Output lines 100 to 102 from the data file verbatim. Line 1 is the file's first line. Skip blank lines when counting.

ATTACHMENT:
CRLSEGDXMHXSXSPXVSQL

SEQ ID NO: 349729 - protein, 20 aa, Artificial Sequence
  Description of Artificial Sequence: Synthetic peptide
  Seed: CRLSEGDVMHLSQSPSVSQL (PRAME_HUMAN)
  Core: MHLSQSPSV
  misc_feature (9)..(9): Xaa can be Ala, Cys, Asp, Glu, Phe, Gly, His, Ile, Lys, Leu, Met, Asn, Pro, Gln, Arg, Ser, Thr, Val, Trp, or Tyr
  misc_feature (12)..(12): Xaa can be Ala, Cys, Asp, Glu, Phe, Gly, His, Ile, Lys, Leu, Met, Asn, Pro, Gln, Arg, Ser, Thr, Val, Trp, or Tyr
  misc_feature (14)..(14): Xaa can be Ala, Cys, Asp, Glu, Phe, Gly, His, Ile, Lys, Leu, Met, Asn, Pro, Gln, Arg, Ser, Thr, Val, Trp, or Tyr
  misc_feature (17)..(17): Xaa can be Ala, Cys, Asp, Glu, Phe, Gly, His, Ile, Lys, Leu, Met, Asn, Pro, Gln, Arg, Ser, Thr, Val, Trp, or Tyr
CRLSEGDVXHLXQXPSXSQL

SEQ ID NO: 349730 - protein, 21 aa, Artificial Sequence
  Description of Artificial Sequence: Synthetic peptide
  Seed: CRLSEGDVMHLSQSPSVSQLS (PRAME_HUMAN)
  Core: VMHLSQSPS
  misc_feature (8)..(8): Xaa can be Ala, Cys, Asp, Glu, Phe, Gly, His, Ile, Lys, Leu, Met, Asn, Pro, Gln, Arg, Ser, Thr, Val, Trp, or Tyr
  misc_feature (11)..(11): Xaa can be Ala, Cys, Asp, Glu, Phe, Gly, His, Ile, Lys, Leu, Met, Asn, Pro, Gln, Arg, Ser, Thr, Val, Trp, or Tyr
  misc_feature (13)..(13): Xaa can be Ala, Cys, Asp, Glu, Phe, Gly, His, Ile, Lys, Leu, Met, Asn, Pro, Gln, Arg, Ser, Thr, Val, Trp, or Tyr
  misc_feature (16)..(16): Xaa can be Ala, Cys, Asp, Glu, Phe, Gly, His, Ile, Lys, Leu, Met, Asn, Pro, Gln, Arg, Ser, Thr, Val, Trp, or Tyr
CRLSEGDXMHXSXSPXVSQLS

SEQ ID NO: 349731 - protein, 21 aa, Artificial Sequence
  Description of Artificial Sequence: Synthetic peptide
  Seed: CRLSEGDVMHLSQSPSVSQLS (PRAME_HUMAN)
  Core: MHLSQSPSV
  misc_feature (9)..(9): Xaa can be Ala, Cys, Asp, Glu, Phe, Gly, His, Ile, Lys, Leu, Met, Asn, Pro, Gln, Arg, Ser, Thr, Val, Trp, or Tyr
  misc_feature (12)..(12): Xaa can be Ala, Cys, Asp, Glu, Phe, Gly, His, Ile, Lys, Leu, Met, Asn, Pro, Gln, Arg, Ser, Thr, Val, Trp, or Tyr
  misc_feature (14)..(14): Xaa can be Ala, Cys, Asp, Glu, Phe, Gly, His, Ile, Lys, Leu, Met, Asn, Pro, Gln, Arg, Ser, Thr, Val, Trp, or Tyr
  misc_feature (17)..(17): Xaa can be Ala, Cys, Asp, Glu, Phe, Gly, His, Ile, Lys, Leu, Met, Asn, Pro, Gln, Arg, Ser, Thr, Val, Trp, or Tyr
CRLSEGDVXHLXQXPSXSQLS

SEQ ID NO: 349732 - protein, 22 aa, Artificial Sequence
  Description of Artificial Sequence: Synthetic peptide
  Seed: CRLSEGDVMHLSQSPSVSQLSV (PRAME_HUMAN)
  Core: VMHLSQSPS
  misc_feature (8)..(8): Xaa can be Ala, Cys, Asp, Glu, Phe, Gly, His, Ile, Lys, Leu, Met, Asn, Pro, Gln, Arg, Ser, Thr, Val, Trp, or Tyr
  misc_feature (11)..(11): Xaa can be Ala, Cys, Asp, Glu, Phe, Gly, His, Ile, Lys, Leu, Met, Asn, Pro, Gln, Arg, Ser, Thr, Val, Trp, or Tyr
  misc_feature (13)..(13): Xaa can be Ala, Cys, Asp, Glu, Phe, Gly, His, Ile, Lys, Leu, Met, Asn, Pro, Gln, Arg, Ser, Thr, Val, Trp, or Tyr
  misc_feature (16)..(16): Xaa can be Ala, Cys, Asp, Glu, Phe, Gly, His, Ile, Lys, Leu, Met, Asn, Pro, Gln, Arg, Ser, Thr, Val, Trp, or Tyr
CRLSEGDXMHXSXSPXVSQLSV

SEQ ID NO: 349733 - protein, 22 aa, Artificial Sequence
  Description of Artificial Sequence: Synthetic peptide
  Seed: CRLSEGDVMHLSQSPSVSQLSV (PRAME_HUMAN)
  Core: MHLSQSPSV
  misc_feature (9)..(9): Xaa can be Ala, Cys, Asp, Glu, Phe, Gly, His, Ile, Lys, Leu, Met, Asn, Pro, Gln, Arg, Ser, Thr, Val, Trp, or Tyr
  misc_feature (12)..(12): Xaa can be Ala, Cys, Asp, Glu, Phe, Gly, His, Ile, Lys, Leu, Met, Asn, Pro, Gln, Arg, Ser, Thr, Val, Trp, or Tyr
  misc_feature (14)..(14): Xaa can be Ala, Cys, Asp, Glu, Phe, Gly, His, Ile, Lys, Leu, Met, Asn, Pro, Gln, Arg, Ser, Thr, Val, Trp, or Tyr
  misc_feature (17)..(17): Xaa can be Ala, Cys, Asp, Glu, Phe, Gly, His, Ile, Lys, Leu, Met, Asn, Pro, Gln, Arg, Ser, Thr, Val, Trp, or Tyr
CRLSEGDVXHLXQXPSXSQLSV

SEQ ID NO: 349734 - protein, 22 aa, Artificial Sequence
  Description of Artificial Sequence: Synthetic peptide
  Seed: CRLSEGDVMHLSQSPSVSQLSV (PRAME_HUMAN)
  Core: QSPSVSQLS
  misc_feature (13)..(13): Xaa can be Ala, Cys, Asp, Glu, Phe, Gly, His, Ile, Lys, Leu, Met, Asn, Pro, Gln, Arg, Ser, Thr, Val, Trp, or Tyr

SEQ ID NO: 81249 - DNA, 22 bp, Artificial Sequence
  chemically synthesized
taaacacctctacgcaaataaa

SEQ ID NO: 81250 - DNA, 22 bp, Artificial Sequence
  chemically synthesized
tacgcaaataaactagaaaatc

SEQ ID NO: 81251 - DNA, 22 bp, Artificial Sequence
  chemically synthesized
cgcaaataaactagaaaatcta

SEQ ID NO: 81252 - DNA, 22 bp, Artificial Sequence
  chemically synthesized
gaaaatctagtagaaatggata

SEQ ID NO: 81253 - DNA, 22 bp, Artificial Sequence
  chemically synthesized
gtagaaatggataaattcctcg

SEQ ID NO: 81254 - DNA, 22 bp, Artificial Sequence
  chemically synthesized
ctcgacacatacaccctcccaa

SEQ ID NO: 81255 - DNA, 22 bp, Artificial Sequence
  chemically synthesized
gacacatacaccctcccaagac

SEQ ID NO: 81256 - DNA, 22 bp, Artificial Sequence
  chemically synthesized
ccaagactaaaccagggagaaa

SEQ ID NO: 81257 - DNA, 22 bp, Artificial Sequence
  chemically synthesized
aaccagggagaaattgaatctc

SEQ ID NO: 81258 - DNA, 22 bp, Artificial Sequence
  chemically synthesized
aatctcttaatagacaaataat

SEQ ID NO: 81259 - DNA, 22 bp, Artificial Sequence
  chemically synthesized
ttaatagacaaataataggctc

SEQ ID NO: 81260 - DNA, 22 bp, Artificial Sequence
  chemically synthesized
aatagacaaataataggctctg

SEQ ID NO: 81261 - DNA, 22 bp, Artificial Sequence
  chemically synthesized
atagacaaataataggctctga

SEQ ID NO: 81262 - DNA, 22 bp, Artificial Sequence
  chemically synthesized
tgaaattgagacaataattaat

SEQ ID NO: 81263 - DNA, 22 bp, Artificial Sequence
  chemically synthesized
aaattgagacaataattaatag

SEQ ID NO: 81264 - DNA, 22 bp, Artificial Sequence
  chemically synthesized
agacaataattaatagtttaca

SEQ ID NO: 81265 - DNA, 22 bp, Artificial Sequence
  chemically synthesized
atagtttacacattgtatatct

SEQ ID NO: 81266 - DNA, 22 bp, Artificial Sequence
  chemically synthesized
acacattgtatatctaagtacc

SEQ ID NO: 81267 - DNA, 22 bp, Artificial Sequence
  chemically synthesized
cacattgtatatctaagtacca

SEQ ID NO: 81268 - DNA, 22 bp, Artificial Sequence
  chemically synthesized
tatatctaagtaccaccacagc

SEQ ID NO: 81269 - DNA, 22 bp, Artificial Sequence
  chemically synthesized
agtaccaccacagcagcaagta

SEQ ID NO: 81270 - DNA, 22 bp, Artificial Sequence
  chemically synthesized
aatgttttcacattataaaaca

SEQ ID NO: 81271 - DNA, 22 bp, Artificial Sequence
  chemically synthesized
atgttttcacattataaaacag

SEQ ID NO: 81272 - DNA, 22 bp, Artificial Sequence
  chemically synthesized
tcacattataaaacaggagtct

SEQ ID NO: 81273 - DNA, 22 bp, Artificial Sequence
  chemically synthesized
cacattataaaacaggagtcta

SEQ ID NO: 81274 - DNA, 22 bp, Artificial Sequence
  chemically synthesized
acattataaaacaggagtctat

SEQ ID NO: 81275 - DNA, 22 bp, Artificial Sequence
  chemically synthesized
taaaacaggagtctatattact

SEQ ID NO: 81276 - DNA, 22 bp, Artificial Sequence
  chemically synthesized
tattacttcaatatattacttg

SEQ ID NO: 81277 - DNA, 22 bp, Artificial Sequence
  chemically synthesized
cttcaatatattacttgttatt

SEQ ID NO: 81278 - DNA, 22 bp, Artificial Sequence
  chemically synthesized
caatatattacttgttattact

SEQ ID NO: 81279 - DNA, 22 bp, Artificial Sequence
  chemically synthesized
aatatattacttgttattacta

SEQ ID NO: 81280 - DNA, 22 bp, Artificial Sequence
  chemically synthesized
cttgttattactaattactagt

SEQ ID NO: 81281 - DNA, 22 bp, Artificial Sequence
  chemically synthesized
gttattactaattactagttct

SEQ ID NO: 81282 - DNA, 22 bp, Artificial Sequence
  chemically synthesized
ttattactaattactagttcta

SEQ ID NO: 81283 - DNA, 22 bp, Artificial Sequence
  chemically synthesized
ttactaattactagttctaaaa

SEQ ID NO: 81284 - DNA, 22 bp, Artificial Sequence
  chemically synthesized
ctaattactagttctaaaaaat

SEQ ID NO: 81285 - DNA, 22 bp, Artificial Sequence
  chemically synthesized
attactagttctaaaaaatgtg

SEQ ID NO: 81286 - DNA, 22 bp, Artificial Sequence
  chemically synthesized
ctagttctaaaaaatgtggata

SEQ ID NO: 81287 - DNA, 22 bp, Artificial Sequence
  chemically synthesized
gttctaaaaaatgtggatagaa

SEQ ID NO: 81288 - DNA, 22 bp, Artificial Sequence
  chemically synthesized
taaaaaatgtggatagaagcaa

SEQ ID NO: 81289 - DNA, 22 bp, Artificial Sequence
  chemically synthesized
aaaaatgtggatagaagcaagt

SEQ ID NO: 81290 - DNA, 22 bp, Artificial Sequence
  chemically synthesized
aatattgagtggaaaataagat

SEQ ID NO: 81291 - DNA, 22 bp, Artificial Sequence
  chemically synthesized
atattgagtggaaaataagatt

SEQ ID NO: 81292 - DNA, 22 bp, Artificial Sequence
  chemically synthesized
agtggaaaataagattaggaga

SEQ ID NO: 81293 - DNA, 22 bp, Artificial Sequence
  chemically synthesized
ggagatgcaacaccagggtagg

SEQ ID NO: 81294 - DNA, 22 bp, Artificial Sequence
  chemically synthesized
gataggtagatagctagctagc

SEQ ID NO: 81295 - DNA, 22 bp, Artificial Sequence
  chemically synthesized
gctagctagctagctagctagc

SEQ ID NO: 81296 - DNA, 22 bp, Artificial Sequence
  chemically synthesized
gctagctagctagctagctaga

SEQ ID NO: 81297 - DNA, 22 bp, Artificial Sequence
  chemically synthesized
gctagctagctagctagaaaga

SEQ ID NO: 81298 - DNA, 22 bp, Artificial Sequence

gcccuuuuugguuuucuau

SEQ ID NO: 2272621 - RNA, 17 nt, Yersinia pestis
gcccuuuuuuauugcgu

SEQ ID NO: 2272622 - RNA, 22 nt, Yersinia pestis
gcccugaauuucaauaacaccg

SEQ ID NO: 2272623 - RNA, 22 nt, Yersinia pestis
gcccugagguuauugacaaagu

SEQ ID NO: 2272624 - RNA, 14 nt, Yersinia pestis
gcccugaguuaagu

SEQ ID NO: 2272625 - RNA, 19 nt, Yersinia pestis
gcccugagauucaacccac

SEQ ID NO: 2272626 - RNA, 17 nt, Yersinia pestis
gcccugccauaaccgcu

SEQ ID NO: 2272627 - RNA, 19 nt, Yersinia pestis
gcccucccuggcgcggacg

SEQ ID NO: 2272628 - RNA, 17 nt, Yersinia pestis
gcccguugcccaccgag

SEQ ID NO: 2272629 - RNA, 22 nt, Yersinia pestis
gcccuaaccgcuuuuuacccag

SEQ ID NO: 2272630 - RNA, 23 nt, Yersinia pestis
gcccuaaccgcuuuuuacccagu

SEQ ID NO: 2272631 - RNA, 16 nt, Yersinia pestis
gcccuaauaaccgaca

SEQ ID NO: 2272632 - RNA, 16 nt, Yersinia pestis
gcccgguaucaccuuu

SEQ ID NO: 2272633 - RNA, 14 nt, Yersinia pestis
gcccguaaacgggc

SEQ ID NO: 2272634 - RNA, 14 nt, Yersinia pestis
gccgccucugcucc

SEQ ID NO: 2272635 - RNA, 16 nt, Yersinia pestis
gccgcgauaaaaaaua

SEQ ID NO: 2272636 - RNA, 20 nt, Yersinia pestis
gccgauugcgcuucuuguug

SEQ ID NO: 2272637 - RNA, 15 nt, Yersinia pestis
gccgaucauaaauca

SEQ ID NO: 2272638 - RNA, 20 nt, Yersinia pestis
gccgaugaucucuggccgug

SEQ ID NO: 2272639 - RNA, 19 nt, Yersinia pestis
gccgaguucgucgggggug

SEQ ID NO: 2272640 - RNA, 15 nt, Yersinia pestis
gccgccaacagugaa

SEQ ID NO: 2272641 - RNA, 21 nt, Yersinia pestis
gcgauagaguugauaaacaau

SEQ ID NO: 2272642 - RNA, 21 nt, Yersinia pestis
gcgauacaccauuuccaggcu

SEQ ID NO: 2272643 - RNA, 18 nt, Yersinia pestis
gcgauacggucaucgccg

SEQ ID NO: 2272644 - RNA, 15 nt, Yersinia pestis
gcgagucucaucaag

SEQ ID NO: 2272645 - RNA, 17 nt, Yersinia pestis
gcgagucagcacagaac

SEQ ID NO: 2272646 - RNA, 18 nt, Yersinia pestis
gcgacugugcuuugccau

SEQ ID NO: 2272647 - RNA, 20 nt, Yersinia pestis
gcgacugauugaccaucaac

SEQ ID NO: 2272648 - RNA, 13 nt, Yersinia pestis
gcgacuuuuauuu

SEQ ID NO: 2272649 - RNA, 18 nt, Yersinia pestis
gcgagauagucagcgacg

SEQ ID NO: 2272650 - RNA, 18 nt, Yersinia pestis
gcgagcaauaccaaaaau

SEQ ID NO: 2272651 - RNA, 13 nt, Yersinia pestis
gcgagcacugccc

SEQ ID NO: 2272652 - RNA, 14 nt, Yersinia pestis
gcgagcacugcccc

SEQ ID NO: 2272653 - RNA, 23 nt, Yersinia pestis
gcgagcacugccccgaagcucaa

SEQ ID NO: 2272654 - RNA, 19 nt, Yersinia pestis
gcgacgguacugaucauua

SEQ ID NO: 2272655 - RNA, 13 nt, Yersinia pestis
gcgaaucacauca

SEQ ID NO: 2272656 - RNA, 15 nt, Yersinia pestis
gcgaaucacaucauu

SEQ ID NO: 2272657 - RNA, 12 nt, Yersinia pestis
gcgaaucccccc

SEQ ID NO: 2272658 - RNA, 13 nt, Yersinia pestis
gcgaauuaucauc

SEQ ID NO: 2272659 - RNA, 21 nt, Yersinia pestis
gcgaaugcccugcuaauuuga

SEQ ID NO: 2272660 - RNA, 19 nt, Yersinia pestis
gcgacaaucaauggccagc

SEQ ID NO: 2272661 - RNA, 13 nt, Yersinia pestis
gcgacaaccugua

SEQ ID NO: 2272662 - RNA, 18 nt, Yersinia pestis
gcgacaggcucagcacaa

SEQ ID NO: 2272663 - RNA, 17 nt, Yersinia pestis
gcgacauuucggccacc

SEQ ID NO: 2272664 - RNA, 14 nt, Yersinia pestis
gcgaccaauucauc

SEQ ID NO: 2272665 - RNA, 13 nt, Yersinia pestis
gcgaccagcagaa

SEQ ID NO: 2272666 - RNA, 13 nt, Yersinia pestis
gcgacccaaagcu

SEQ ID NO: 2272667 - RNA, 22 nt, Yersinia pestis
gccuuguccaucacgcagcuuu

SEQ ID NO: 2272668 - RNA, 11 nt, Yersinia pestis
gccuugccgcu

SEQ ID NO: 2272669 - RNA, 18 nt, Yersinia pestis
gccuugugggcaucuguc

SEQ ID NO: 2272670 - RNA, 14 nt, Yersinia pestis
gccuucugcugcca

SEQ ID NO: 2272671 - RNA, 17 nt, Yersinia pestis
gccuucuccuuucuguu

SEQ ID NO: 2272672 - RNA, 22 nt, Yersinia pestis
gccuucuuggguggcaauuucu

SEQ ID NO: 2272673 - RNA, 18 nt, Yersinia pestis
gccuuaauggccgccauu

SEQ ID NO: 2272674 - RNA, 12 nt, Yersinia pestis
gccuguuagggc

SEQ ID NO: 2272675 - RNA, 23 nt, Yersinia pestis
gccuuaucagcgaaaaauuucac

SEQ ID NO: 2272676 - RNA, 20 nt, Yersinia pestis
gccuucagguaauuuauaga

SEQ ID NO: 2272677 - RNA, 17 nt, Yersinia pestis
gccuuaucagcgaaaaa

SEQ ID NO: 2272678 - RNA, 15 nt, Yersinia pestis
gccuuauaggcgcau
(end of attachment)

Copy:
SEQ ID NO: 81265 - DNA, 22 bp, Artificial Sequence
  chemically synthesized
atagtttacacattgtatatct